Posted below are two obit pieces about Mr. Nodell—one from Comic Book Resources and the other, a local story by the Palm Beach Post.


by Jonah Weiland, Executive Producer
Posted: December 10, 2006

Comics writer and historian Mark Evanier posted some sad news to his web site yesterday, noting that comics creator Martin Nodell has died. He was 91.

Born 11/15/15 in Philadelphia, Nodell got his start in comics as a freelance artist around 1938, but it was when he began working for editor Sheldon Mayer at All-American Comics that his career took off.

According to Evanier, when Nodell asked Mayer what he needed to do to get regular assignments from the company, Mayer suggested he pitch a new character for their flag ship title, "All-American Comics." That character was the Golden Age Green Lantern, Alan Scott. All-American Comics was later absorbed by DC Comics.

Nodell left DC Comics in 1947 to work for Timely (later Marvel Comics) where he drew Captain America, the Human Torch and the Sub-Mariner. Nodell left comics in the 1950s to work in advertising. He's likely best known to the public at large as part of the team that developed the design of the Pillsbury Doughboy.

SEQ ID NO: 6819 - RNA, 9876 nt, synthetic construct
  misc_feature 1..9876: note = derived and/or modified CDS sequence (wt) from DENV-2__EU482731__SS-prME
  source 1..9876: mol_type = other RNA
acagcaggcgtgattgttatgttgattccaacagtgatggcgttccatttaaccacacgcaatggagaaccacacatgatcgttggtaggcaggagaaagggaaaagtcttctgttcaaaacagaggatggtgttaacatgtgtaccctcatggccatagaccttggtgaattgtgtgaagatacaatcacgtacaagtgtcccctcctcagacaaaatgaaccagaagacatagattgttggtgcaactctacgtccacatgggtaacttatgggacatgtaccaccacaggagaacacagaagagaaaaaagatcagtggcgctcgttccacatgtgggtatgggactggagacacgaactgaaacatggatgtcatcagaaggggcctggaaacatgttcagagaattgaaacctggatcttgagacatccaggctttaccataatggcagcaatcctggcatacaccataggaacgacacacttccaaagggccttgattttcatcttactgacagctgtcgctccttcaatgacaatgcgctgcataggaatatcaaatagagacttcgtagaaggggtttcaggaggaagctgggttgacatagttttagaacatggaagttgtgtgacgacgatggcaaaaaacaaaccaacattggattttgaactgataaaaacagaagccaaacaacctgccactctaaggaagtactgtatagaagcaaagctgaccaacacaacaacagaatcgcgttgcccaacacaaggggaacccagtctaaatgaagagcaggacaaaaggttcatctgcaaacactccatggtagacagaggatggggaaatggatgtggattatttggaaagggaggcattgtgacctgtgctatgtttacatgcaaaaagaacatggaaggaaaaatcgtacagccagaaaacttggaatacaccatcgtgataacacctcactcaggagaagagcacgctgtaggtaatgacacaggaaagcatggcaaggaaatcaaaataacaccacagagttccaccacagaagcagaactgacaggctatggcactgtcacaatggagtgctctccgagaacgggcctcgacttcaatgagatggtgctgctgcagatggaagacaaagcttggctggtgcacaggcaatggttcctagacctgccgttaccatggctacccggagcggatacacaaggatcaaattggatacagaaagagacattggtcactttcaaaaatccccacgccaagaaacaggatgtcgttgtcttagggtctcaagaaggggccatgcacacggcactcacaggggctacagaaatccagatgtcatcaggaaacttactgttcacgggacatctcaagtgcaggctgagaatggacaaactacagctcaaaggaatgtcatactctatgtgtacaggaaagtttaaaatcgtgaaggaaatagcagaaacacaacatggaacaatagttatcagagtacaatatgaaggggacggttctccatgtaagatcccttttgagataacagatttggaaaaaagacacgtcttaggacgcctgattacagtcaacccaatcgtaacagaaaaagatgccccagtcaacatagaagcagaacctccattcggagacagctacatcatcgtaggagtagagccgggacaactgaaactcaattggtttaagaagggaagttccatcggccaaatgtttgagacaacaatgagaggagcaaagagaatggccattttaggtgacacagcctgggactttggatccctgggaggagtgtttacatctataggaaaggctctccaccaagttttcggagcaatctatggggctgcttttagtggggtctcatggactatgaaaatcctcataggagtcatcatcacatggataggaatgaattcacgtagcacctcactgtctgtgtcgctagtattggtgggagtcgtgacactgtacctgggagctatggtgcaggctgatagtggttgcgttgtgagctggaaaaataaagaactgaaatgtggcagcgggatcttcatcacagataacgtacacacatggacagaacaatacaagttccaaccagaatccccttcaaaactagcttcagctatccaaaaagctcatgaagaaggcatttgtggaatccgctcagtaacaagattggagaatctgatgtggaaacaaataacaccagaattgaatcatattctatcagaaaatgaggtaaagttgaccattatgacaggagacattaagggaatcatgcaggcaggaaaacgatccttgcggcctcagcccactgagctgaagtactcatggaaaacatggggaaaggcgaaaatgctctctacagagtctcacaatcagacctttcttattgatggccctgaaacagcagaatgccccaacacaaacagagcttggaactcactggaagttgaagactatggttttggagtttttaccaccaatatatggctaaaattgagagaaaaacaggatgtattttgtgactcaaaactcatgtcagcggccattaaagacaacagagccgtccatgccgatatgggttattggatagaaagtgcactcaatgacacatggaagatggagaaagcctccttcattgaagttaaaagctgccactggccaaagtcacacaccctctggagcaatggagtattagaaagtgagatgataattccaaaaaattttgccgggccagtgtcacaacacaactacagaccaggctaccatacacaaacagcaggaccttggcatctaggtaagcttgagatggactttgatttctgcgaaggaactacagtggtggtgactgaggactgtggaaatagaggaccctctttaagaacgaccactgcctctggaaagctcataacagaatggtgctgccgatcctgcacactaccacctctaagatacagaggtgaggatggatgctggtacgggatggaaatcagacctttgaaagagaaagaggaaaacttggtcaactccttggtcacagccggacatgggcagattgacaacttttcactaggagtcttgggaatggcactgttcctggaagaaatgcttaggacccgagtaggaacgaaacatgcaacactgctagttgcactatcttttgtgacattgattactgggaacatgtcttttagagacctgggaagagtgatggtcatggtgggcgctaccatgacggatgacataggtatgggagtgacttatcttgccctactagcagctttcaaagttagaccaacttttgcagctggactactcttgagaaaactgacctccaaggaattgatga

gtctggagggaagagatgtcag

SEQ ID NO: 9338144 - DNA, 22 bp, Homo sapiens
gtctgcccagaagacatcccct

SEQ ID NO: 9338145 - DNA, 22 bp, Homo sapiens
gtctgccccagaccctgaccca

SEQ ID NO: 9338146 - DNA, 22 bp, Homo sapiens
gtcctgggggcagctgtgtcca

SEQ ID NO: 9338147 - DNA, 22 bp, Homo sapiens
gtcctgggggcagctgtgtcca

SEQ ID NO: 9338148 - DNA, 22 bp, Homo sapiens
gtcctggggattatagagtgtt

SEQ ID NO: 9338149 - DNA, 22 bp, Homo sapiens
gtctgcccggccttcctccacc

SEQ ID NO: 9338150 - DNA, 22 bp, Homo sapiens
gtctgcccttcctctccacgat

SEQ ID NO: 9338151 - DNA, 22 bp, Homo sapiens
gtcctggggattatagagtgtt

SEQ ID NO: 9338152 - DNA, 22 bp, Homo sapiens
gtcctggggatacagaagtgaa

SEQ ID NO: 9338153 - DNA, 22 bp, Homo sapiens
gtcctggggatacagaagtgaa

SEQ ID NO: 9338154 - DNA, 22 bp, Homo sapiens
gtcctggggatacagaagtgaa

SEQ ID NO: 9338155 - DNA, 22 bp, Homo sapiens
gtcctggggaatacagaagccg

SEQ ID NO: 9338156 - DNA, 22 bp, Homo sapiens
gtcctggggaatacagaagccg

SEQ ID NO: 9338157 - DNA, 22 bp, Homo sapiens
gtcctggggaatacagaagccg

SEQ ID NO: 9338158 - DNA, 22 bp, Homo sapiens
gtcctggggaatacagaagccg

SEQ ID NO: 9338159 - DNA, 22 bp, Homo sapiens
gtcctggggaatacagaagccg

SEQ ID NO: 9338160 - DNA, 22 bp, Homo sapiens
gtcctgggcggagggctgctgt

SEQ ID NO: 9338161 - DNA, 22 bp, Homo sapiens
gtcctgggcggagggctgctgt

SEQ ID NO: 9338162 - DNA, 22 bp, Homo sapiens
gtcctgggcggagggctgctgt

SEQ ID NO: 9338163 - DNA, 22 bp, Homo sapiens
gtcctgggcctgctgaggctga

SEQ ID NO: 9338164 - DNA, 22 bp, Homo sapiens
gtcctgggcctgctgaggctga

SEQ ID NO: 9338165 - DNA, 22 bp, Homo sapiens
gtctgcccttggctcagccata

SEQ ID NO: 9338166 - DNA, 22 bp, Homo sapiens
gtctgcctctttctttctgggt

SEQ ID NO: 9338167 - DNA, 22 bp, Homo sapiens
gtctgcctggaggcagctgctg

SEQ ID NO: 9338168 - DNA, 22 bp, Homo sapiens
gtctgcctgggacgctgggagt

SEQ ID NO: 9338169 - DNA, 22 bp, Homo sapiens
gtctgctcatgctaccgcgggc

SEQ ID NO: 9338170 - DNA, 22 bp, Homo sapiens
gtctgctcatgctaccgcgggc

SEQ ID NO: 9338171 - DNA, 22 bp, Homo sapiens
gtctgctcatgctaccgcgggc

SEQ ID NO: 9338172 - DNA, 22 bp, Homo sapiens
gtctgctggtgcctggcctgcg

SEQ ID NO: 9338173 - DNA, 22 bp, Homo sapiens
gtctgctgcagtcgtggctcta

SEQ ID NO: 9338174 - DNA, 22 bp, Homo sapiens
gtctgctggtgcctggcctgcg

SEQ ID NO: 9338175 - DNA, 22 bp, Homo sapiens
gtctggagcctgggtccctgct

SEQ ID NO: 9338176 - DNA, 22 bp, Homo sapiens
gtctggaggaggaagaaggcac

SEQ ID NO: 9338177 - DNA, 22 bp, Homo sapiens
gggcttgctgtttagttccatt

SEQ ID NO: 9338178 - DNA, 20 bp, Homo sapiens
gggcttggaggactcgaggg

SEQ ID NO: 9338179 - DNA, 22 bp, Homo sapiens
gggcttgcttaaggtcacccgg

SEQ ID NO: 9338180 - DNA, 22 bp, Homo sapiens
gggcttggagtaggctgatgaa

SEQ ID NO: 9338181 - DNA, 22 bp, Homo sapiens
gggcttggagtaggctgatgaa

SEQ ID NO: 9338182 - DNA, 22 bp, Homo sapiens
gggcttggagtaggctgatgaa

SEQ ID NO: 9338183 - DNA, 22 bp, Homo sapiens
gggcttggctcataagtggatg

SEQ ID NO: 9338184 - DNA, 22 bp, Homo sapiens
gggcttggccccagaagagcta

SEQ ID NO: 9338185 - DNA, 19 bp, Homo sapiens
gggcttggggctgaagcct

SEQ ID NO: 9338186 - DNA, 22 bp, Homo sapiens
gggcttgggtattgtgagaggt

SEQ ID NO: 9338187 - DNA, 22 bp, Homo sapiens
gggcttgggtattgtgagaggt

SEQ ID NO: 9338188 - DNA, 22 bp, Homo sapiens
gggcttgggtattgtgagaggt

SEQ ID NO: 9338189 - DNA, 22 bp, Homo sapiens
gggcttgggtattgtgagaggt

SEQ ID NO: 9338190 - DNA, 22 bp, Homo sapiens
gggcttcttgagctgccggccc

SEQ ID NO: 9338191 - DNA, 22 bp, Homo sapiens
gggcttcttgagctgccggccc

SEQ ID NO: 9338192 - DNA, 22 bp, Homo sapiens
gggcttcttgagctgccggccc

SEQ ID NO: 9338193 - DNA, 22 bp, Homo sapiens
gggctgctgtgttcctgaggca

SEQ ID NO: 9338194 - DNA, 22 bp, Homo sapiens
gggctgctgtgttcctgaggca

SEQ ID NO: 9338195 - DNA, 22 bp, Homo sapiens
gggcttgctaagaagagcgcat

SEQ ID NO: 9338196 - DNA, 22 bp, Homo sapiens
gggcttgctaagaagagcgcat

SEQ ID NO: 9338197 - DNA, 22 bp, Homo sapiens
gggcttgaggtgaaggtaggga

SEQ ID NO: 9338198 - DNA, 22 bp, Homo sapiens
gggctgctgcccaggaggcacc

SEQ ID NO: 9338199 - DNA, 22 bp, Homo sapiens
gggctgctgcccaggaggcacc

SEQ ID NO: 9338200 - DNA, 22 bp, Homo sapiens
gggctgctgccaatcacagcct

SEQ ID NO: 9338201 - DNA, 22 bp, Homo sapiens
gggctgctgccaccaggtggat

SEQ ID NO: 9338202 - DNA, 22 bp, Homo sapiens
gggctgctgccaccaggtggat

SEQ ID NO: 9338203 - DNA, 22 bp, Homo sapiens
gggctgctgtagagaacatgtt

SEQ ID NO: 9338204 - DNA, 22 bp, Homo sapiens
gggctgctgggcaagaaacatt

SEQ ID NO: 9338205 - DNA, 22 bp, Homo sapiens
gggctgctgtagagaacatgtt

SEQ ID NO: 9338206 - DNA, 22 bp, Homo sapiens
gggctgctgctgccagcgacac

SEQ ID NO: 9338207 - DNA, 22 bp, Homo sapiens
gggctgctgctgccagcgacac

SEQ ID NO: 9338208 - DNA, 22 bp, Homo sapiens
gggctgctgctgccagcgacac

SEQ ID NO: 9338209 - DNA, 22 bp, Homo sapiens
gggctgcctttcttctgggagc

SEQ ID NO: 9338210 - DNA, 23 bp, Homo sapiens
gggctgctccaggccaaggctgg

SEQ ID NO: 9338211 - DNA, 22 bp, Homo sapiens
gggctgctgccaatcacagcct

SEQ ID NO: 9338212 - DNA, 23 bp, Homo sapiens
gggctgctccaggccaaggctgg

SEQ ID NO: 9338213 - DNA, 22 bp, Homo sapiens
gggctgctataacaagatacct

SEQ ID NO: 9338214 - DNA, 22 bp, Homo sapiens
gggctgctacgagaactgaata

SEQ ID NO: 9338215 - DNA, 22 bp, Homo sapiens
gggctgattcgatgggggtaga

At the time of his death, Nodell resided in West Palm Beach, Florida.
CBR offers its condolences to the family and friends of Nodell.

Find this article at:


'Green Lantern' creator Nodell dies at 91

By Kevin Deutsch
Palm Beach Post Staff Writer
Monday, December 11, 2006

In 1940, comic-book artist Martin Nodell was awaiting the subway home to Brooklyn when he saw a trainman waving a lantern. It was a common sight, but to an artist desperate for fresh ideas, it was inspiration.

"It was green, which meant things were safe," said Nodell, then 25. "I wrote down `Green Lantern.' I added elements of everything I liked - Chinese folklore, Greek mythology, Wagner's opera (The Ring of the Nibelungen).'' Nodell, who soon created the legendary superhero Green Lantern and later helped create the Pillsbury Doughboy, died in Wisconsin Saturday. The West Palm Beach resident was 91.